This male was her husband, father or brother. Most frequently, she received it as gifts or as an inheritance from her parents or husband, or else, she received it through purchases--with goods which she earned either through employment, or which she borrowed. Under Egyptian property law, a woman had claim to one-third of all the community property in her marriage, i.

The women in love essay

When a woman brought her own private property to a marriage e. However, in the event of divorce her property had to be returned to her, in addition to any divorce settlement that might be stipulated in the original marriage contract.

A wife was entitled to inherit one-third of that community property on the death of her husband, while the other two-thirds was divided among the children, followed up by the brothers and sisters of the deceased. To circumvent this possibility and to enable his wife to receive either a larger part of the share, or to allow her to dispose of all the property, a husband could do several things: As a living will, it was made and perhaps executed while the husband was still alive.

In this will, the husband would assign to his wife what he wished of his own private property, i. An example of this is the imyt-pr of Wah from el-Lahun. Even if he had other children, he could still adopt his wife, so that, as his one of his legal offspring, she would receive some of the two-thirds share, in addition to her normal one-third share of the community property.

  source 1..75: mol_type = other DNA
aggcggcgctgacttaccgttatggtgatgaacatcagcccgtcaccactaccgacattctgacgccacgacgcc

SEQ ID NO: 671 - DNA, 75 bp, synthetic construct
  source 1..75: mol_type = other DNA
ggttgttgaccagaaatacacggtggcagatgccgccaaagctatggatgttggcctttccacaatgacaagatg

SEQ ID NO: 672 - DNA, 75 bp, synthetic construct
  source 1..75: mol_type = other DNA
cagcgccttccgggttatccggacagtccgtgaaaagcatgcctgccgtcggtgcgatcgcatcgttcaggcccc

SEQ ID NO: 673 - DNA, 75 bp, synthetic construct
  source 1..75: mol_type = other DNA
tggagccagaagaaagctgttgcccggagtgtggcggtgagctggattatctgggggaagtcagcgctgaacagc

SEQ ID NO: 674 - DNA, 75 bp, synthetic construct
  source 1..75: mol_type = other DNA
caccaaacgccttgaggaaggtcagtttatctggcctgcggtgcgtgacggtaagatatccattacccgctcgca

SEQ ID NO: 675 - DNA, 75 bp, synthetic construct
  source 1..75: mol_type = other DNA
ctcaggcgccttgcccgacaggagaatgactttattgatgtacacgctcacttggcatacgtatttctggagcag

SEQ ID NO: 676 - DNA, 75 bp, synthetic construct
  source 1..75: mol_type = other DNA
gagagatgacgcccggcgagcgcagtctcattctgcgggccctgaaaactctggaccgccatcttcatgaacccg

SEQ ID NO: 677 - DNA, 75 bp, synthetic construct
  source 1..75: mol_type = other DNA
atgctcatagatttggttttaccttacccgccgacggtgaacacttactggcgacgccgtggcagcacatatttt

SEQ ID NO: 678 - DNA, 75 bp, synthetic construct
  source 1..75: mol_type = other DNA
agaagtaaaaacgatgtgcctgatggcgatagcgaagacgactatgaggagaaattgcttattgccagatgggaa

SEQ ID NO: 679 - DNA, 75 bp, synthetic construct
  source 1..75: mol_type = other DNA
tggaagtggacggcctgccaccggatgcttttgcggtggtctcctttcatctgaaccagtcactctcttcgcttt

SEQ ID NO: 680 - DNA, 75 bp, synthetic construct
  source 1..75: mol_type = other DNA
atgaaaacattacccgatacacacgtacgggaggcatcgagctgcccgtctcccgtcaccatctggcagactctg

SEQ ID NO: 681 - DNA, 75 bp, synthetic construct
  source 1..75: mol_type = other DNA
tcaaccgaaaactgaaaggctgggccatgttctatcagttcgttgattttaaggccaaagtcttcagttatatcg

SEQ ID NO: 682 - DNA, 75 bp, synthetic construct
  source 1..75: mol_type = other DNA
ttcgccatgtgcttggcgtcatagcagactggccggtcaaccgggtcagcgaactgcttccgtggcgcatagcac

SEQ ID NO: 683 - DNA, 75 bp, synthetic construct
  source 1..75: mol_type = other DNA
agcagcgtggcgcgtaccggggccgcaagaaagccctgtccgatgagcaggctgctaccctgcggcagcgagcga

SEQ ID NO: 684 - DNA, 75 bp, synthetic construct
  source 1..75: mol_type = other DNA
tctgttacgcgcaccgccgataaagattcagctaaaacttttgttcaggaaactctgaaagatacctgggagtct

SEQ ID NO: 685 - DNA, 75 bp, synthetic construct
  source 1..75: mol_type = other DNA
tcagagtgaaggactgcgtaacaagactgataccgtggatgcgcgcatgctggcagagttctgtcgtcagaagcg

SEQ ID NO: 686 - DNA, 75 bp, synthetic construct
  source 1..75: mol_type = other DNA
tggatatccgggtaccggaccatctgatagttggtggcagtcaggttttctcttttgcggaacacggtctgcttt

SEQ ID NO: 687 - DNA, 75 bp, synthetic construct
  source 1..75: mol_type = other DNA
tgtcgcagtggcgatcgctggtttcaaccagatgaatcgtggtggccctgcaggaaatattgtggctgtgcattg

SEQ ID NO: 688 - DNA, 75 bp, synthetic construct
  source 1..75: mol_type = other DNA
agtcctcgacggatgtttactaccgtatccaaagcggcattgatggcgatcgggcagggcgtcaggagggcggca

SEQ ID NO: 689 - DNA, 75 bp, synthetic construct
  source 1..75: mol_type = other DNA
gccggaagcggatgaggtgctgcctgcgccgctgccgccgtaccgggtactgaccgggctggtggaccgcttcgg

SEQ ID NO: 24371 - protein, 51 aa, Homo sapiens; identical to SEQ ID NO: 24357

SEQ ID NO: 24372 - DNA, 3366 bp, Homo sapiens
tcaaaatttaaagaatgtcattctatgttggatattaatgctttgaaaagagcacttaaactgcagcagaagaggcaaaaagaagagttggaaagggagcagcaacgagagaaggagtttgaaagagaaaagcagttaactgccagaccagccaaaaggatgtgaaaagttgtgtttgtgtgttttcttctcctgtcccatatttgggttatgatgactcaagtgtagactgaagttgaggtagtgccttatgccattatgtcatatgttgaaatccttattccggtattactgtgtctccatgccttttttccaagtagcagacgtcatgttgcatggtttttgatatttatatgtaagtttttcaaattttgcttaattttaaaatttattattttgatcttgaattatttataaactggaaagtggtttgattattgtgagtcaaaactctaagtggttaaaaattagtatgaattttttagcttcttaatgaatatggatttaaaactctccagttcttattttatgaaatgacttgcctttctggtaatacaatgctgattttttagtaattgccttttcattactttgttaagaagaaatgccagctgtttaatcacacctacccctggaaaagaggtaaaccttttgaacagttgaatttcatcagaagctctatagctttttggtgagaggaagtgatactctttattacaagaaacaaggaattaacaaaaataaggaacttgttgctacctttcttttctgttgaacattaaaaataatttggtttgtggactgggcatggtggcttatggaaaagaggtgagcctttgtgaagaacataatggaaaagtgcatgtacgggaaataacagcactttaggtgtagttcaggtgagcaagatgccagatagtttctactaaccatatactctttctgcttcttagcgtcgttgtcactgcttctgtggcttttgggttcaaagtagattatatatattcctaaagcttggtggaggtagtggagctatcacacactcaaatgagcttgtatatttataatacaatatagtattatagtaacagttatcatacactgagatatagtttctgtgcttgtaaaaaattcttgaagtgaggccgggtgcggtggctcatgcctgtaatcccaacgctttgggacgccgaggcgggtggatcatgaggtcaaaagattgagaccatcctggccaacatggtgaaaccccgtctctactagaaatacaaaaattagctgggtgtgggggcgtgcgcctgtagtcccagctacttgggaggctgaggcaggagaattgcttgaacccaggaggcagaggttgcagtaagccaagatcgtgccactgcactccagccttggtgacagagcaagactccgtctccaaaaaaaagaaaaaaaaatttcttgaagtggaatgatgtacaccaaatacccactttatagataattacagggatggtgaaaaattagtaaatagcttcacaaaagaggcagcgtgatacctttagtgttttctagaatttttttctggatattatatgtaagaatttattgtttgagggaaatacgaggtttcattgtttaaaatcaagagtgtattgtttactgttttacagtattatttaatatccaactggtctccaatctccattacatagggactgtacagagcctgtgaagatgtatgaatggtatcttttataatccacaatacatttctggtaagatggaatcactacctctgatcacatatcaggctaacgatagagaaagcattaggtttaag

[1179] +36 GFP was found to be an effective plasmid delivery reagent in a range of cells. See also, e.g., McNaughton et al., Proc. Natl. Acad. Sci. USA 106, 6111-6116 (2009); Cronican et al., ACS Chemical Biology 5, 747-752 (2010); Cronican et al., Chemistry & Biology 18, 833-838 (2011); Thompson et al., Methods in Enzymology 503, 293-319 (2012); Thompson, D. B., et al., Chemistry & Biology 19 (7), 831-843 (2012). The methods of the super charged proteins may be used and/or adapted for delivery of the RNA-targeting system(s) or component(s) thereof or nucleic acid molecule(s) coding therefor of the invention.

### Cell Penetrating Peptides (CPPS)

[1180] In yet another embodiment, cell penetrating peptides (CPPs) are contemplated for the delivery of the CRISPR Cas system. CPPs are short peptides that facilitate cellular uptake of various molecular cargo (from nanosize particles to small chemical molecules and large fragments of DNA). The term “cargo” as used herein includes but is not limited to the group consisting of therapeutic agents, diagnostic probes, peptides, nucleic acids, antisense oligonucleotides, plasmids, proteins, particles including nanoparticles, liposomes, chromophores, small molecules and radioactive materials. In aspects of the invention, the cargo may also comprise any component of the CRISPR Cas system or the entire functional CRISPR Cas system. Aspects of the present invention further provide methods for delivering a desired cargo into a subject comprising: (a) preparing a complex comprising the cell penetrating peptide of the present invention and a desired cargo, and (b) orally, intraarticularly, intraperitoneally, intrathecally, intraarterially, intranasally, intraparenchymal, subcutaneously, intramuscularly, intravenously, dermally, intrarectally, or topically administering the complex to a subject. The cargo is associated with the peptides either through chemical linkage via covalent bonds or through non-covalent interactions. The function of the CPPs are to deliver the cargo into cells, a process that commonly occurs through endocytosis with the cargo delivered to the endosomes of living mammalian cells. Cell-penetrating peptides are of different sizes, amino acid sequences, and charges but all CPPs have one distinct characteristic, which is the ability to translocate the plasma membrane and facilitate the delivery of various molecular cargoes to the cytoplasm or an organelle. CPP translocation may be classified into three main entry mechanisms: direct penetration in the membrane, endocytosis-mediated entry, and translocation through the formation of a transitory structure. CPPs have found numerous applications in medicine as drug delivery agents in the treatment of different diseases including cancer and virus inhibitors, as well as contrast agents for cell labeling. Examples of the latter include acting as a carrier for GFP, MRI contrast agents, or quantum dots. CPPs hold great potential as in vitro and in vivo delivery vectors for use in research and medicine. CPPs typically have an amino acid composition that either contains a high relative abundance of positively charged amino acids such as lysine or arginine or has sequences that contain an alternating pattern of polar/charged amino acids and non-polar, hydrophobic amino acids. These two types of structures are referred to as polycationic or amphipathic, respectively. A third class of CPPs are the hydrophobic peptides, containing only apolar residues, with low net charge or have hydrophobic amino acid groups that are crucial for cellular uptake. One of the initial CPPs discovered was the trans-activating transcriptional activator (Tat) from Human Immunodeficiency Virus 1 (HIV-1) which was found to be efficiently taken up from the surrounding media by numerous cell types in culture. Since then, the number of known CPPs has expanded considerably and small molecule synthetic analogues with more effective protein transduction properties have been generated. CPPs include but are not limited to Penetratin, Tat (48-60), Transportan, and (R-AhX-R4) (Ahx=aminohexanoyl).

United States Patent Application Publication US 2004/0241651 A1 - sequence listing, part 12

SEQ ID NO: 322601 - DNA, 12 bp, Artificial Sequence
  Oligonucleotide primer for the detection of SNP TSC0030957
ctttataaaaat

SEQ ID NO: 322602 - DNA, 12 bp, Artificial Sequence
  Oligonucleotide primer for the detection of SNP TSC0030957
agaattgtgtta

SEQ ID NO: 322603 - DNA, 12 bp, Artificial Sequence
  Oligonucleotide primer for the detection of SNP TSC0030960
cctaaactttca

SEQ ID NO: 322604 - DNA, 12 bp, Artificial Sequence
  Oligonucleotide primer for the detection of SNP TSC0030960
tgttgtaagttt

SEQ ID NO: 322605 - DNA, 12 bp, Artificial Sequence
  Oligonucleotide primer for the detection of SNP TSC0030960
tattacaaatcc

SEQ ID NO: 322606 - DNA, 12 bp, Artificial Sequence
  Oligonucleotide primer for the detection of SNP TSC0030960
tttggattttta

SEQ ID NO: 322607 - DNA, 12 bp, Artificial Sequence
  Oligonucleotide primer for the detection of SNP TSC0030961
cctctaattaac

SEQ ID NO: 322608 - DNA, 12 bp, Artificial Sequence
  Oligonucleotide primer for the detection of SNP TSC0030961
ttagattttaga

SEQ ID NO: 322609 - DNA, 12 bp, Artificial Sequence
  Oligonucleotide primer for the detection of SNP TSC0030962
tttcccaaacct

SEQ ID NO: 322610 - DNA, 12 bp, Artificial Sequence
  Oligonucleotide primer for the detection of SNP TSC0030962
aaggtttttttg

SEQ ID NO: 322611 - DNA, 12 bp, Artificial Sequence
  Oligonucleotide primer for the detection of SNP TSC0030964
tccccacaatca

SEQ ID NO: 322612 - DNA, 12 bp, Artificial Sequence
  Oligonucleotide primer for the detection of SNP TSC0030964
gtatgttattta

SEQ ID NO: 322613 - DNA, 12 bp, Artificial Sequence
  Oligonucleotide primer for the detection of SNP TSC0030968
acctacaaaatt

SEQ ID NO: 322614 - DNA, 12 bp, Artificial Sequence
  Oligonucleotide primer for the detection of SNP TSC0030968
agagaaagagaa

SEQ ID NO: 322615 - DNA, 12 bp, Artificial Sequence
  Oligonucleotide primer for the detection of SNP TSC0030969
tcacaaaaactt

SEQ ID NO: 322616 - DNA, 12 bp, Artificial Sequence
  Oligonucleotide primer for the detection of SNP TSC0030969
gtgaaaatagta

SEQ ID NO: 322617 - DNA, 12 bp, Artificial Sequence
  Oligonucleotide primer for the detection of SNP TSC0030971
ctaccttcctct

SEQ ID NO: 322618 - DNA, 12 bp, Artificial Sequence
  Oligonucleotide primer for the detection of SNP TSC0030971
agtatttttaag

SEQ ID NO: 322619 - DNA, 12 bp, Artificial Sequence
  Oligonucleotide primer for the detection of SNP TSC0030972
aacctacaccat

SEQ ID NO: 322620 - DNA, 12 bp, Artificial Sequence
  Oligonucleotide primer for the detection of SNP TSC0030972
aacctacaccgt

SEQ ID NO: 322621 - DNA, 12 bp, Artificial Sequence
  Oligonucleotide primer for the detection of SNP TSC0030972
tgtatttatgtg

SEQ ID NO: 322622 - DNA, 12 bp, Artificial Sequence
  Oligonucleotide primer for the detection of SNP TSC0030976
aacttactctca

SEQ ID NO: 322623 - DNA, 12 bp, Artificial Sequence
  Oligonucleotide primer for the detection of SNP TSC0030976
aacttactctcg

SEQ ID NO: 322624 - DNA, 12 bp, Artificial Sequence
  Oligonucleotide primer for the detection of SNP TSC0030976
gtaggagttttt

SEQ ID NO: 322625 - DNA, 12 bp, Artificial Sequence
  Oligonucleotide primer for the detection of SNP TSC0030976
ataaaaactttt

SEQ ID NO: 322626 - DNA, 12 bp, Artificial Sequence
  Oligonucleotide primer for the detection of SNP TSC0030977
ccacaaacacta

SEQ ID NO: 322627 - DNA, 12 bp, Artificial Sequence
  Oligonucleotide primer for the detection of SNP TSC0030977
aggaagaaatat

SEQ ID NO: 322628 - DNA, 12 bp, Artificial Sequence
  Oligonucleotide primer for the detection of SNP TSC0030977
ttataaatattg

A woman was free to bequeath property from her husband to her children or even to her own brothers and sisters unless there was some stipulation against such in her husband's will. One papyrus tells us how a childless woman, who after she inherited her husband's estate, raised the three illegitimate children who were born to him and their female household slave such liaisons were fairly common in the Egyptian household and seem to have borne no social stigma.

She then married the eldest illegitimate step-daughter to her younger brother, whom she adopted as her son, that they might receive the entire inheritance.Below you will find five outstanding thesis statements for The Odyssey by Homer that can be used as essay starters or paper topics.

All five incorporate at least one of the themes in The Odyssey by Homer and are broad enough so that it will be easy to find textual support, yet narrow enough to provide a focused clear thesis statement.

By aziz ansari. My parents had an arranged marriage. This always fascinated me. I am perpetually indecisive about even the most mundane things, and I couldn’t imagine navigating such a huge.

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Apr 17,  · Enter the highly marketable “women’s empowerment,” neither practice nor praxis, nor really theory, but a glossy, dizzying product instead. The researchers found that men and women share much of the same humor-response system; both use to a similar degree the part of the brain responsible for semantic knowledge and juxtaposition and.

If there is one lesson that I could pull from the entirety of my economic experience, research, data, and philosophizing, and. that one lesson would apply universally regardless of context, environment, or conditions, it would be without a doubt.